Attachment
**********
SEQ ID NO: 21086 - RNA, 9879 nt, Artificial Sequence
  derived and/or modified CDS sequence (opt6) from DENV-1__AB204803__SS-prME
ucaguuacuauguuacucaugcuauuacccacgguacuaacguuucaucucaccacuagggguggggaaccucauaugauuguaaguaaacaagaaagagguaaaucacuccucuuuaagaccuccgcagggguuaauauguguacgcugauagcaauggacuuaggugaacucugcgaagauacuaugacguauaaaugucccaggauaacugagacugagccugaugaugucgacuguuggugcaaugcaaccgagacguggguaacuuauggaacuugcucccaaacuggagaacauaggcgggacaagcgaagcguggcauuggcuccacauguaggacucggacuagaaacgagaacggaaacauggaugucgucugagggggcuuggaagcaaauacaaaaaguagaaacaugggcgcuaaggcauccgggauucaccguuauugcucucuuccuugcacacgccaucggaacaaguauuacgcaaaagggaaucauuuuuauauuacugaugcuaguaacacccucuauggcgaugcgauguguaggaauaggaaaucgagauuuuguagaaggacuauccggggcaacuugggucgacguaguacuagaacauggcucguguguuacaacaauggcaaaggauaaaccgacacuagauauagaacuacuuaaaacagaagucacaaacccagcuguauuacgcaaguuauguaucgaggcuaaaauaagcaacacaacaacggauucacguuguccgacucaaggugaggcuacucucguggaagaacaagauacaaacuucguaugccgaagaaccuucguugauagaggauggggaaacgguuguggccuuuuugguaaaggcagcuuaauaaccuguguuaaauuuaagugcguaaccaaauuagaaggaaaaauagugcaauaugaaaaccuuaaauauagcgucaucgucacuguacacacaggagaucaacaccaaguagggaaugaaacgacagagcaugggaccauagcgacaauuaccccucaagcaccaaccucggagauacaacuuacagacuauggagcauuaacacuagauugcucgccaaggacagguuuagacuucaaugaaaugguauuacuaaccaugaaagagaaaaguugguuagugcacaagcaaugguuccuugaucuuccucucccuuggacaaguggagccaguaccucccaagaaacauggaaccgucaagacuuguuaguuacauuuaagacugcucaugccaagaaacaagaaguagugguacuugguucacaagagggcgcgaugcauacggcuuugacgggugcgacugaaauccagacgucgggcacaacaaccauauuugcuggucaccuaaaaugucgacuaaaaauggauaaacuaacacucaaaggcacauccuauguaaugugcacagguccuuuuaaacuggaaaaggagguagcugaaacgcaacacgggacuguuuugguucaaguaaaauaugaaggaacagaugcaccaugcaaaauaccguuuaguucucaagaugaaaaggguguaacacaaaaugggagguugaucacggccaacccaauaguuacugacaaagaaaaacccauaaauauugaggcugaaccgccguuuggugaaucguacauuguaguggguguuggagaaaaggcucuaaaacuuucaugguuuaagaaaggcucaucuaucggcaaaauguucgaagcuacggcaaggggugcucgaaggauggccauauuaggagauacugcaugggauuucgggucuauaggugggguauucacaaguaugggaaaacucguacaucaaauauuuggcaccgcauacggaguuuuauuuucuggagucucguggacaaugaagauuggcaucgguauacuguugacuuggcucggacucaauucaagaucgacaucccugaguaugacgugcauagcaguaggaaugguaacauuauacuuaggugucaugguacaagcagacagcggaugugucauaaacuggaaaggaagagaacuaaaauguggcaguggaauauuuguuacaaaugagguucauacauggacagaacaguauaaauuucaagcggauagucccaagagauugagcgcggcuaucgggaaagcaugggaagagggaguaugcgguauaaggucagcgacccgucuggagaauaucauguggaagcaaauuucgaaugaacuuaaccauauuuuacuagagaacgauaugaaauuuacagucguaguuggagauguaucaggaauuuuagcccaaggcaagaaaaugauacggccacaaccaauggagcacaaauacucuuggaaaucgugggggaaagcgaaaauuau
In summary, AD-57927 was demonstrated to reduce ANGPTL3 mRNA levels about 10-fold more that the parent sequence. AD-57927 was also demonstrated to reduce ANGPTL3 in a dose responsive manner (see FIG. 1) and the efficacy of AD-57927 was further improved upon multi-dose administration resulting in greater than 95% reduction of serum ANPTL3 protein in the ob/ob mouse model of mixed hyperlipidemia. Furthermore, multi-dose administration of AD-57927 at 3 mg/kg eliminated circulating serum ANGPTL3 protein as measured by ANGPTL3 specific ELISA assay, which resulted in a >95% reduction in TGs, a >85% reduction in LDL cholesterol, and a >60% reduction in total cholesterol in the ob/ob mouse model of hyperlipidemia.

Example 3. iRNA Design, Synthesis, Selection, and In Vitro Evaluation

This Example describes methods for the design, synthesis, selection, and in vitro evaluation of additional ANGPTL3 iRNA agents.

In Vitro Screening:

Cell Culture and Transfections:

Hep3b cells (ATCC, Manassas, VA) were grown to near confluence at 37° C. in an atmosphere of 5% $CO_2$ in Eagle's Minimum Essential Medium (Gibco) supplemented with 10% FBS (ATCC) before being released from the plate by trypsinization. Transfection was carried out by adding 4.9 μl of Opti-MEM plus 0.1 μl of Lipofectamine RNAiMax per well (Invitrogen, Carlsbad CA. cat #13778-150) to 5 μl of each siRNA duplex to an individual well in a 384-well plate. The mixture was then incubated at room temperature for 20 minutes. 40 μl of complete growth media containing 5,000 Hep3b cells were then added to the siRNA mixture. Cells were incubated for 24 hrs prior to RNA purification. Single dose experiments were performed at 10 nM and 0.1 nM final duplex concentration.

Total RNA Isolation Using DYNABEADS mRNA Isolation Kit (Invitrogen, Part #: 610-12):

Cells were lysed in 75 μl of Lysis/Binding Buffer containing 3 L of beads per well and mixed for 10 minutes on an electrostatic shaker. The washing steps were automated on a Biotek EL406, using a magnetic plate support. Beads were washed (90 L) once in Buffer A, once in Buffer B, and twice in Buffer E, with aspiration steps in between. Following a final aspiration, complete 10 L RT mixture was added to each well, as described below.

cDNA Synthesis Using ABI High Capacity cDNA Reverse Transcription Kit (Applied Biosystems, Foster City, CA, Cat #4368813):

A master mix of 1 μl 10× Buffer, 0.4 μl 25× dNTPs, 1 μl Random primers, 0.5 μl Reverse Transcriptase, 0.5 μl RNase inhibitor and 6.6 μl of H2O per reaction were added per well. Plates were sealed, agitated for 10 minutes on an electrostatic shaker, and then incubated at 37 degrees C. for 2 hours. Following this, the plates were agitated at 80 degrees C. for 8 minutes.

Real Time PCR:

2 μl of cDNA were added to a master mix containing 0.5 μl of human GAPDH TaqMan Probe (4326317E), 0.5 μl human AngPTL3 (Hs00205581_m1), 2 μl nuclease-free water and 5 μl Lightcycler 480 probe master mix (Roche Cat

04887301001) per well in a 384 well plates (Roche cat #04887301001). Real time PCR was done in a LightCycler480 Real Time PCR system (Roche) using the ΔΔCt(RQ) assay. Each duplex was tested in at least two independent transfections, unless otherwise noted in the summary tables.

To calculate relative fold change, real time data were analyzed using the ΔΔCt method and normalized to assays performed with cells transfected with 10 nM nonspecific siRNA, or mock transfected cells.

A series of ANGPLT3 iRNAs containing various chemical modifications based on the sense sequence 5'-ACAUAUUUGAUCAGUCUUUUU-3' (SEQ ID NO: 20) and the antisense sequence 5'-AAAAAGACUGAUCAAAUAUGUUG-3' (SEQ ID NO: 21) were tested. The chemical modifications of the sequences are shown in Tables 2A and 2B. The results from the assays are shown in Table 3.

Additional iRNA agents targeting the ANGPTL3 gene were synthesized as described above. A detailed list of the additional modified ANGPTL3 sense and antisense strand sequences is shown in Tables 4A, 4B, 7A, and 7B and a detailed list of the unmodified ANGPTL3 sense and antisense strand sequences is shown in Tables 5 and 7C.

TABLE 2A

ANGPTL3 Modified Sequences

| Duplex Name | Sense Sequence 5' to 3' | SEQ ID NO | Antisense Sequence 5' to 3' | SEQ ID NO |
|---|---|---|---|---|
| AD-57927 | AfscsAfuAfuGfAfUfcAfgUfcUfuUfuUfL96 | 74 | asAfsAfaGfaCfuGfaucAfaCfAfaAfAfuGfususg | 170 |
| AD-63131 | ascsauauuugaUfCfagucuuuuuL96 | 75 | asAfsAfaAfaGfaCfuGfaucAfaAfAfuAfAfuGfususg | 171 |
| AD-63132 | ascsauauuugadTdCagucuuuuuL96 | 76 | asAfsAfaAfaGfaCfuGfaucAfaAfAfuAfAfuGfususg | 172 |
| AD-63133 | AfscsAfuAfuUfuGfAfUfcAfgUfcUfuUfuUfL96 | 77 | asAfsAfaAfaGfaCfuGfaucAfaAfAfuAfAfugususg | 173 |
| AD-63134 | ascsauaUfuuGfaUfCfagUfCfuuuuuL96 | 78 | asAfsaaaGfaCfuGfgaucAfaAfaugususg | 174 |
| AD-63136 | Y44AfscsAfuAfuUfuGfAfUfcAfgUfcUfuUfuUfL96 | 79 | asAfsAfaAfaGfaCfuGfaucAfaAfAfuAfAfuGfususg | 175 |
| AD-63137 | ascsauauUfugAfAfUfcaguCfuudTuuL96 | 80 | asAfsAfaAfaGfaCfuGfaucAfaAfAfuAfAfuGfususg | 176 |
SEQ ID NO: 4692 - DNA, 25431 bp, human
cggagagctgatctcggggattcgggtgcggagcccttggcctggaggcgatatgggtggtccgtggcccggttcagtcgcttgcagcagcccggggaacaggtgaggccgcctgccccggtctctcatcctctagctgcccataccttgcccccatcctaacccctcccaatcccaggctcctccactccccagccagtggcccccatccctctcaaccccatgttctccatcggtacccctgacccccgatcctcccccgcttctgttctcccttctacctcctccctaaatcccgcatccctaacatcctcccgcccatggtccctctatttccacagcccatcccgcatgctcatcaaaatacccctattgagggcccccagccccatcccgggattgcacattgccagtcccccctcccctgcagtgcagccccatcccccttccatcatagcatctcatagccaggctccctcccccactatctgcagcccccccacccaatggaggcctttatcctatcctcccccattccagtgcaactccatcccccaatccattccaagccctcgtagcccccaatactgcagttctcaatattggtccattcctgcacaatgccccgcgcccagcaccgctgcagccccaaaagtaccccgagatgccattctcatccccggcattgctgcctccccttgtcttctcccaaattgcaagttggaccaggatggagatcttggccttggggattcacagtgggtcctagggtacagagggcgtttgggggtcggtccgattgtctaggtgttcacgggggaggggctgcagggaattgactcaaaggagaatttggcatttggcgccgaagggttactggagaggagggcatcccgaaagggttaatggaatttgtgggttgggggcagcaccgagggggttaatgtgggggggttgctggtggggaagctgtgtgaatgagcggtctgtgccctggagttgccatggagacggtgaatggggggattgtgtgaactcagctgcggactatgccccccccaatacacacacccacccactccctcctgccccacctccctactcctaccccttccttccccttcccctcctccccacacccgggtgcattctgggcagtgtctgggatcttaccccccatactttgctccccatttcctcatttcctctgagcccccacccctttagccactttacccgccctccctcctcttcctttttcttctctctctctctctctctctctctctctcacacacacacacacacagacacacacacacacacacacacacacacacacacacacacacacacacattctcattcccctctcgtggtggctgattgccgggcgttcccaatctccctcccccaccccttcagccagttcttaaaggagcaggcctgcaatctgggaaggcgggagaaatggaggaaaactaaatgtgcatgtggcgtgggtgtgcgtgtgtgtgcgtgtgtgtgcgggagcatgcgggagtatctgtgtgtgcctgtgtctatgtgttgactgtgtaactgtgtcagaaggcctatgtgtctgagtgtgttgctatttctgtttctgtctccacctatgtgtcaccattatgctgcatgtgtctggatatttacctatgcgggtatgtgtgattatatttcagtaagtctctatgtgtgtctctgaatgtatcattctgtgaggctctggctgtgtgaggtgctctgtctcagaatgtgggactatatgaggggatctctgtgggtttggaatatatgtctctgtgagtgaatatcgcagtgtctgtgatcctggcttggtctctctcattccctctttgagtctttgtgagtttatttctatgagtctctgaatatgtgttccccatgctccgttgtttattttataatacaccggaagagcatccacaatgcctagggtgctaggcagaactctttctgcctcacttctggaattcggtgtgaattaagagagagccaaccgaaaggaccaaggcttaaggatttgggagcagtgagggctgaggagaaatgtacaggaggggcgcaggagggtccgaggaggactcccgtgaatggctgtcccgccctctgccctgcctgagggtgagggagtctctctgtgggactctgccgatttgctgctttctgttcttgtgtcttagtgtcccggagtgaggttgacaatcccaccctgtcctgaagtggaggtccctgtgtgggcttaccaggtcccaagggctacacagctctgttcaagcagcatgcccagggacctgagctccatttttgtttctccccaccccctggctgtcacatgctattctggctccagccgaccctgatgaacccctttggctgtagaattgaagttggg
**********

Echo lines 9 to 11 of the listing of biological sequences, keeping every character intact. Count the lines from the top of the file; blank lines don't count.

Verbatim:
Hep3b cells (ATCC, Manassas, VA) were grown to near confluence at 37° C. in an atmosphere of 5% $CO_2$ in Eagle's Minimum Essential Medium (Gibco) supplemented with 10% FBS (ATCC) before being released from the plate by trypsinization. Transfection was carried out by adding 4.9 μl of Opti-MEM plus 0.1 μl of Lipofectamine RNAiMax per well (Invitrogen, Carlsbad CA. cat #13778-150) to 5 μl of each siRNA duplex to an individual well in a 384-well plate. The mixture was then incubated at room temperature for 20 minutes. 40 μl of complete growth media containing 5,000 Hep3b cells were then added to the siRNA mixture. Cells were incubated for 24 hrs prior to RNA purification. Single dose experiments were performed at 10 nM and 0.1 nM final duplex concentration.

Total RNA Isolation Using DYNABEADS mRNA Isolation Kit (Invitrogen, Part #: 610-12):

Cells were lysed in 75 μl of Lysis/Binding Buffer containing 3 L of beads per well and mixed for 10 minutes on an electrostatic shaker. The washing steps were automated on a Biotek EL406, using a magnetic plate support. Beads were washed (90 L) once in Buffer A, once in Buffer B, and twice in Buffer E, with aspiration steps in between. Following a final aspiration, complete 10 L RT mixture was added to each well, as described below.